Individualizing Transcranial Direct Current Stimulation to improve motor learning in stroke
Improving learning abilities after stroke
After a stroke, patients often end up with motor problems such as a central paresis. A central paresis may have negative symptoms, such as patients losing the ability to move fingers, elbow and wrist independently. When they bow their elbow, they end up with a twisted wrist and their fingers crammed into the palm of their hand. Positive symptoms may occur too, for example increased muscle tone. Due to these symptoms the patient may lose the ability to voluntary control his motor behaviour.
In this project, the use of Transcranial Direct Current Stimulation to improve the arm-hand movement in CVA patients will be studied. tDCS is a technique which applies a small current to parts of the brain resulting in a more efficient learning process. Previous studies on application of this technique on CVA patients have shown varying results and many questions await an answer. What is the optimal electrode placement in a specific individual, for example? And how do we take into account the type and location of he stroke? This project should answer the question why this technology works better in some cases than in others.
For each patient involved in the study, first an EEG is made to determine which part of the brain in this specific patient is controlling the hand-arm movement. In addition to that, an MRI is made to image lesions arising from the stroke, which could inhibit the electrical current from reaching the desired brain area. Based on these measurements, the researchers will develop a model to predict the optimal placement of the electrodes to stimulate the exact area responsible for motor control. That part of the brain is electrically stimulated prior to each training session by a physical therapist. After this, the result of the training is evaluated.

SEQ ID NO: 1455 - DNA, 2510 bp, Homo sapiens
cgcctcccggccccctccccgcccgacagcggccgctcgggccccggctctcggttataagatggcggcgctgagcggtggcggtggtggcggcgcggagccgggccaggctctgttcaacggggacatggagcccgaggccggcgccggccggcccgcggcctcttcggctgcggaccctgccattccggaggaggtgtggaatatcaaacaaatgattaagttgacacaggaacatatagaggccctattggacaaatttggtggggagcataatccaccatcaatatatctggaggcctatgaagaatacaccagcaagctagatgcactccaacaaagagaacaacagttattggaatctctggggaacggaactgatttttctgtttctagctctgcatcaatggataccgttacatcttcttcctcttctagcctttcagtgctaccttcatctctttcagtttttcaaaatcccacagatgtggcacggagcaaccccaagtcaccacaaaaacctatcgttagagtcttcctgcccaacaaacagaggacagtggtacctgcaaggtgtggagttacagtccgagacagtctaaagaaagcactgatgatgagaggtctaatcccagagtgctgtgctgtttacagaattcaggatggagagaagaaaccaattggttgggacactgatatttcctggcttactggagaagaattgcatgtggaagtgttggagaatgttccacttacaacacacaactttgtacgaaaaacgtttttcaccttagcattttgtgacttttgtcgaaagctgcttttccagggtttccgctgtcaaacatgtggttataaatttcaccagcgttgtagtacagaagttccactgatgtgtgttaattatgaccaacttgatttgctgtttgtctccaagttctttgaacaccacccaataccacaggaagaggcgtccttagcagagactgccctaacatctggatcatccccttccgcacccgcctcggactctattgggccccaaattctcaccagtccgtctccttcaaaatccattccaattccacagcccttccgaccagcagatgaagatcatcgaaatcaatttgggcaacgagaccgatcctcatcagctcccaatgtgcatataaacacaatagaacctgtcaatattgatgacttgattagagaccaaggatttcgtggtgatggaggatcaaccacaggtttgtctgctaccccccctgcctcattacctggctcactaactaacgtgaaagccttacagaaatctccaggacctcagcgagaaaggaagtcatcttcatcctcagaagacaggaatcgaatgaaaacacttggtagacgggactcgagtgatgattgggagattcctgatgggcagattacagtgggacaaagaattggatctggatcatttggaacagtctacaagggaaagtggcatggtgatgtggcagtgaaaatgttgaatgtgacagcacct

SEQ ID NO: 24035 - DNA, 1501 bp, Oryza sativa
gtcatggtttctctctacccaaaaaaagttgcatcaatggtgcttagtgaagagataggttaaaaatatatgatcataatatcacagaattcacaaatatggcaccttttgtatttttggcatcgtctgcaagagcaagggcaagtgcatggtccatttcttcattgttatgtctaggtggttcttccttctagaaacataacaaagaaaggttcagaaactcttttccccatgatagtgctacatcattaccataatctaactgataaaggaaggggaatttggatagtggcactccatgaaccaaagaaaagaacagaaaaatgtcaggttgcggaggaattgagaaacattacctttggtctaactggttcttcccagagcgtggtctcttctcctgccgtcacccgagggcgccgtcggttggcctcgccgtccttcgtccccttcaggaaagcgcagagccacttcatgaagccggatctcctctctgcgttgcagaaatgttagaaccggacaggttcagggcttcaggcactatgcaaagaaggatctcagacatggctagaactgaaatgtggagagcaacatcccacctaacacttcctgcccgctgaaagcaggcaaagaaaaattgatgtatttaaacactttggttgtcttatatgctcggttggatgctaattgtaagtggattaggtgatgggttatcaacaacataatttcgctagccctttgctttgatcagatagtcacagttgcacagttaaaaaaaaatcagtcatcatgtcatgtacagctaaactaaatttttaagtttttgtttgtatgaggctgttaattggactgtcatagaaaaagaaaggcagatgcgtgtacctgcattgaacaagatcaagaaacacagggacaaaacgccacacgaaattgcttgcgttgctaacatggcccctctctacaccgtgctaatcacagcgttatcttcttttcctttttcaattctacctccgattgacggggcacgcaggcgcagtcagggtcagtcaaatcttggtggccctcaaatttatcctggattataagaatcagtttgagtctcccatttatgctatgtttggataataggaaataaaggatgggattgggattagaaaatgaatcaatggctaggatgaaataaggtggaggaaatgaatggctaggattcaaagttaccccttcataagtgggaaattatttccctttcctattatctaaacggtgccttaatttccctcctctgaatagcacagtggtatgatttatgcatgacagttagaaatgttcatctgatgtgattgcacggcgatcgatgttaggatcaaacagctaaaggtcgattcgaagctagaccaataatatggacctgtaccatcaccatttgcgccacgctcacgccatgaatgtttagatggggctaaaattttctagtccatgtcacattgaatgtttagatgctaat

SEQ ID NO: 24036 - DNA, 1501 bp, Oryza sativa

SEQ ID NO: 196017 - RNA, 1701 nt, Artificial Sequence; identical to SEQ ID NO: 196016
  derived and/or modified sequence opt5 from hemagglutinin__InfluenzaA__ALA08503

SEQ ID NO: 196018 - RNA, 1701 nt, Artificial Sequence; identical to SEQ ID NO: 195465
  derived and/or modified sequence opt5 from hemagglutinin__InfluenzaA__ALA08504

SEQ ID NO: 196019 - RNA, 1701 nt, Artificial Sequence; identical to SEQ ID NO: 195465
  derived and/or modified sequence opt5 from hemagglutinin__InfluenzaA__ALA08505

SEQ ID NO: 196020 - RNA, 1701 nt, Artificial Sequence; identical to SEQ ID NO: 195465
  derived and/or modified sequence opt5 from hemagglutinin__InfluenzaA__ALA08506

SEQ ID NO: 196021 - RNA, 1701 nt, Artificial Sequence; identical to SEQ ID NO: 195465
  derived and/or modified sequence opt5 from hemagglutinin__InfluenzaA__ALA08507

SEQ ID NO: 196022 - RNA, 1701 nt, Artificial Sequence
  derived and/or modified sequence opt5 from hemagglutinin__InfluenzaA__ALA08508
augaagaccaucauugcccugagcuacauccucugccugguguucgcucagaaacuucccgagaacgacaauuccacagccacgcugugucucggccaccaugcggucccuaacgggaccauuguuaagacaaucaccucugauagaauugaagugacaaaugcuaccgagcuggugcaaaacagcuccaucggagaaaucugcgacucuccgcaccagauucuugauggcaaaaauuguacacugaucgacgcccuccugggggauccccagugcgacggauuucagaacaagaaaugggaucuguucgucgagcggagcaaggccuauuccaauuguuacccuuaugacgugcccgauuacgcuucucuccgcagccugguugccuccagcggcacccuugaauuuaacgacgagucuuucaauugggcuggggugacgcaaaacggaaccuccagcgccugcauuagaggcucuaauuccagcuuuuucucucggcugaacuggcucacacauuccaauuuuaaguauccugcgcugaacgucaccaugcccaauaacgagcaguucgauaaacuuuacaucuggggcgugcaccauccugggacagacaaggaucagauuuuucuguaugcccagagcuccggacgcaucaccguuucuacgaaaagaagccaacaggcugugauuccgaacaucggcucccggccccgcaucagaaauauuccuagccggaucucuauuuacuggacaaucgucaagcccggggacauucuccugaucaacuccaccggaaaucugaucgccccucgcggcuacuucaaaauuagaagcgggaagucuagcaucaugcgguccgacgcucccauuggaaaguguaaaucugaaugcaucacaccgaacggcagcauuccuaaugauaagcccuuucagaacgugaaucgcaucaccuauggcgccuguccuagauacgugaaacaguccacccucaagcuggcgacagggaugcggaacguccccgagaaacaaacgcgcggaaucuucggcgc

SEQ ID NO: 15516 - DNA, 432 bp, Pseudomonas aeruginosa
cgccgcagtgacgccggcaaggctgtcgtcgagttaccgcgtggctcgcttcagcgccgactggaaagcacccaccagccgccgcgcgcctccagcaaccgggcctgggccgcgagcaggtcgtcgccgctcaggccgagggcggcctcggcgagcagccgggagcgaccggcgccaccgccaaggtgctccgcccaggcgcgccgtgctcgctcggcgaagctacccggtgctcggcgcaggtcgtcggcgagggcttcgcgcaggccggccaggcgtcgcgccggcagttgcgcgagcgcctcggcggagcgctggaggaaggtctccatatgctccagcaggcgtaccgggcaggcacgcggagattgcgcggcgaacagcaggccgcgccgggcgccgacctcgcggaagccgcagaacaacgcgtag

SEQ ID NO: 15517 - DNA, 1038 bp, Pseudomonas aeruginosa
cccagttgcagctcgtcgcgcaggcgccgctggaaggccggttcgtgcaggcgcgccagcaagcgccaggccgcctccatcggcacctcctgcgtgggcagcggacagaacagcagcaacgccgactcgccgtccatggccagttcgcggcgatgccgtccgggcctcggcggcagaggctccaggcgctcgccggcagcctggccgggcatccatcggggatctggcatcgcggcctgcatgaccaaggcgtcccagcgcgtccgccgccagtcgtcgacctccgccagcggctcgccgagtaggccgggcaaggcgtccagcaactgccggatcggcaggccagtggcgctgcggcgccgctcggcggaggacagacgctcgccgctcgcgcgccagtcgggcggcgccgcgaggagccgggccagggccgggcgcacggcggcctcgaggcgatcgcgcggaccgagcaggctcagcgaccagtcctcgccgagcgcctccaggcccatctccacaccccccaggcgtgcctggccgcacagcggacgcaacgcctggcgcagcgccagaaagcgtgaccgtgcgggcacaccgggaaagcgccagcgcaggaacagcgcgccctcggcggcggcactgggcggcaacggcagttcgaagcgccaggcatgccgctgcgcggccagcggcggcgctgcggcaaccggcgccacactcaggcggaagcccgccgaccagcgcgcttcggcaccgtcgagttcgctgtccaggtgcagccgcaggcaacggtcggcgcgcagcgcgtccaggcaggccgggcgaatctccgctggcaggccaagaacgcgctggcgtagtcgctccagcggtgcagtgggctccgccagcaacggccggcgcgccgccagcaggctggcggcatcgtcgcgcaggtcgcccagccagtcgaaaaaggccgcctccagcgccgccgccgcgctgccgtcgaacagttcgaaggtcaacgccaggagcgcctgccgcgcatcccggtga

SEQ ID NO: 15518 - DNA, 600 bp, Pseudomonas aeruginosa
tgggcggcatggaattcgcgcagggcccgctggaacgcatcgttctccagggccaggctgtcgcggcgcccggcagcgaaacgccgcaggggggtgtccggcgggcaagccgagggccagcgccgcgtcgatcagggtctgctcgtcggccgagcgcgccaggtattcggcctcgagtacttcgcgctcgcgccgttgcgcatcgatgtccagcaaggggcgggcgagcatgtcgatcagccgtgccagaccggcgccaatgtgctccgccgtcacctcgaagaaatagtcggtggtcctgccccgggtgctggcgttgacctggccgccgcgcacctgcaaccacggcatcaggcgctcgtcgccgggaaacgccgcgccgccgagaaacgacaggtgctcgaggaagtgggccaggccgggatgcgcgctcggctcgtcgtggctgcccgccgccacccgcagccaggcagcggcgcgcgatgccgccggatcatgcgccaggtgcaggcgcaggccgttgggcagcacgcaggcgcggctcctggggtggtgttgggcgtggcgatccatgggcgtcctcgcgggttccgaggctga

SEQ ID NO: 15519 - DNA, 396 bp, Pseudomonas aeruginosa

To image the result of the electrical stimulation in the brain, 4DEEG measurements will be used. One of the technological challenges the researchers face is the fact that the electrical stimulus applied in the tDCS method is much larger than the electrical signals arising from the resulting brain activity. Therefore, within the project a special EEG cap will be developed which can be used both for stimulation and for measurement.
Gerard Ribbers, professor Neurorehabilitation at the Erasmus University MC and Neurorehabilitation physician at Rijndam Rehabilitation Institute
‘I hope this research project will lead to more insight into the mechanisms behind motoric rehabilitation, resulting in tailor-made treatment plans. The current rehabilitation therapy is primarily trial and error based. We want to be able to predict which patient will benefit from what kind of training. This will result a in a faster and better recovery and efficient use of therapeutic facilities. Furthermore, I hope we will be able to actually image the dynamics of the rehabilitation process. We know that patients can improve importantly in the first two months after a CVA, but we don’t know what mechanisms in the brain are the driving forces behind this.’
Delft University of Technology, Erasmus University Rotterdam, Radboud University Nijmegen, Rijndam Rehabilitation Center, Twente Medical Systems International, Twente University, VU University Amsterdam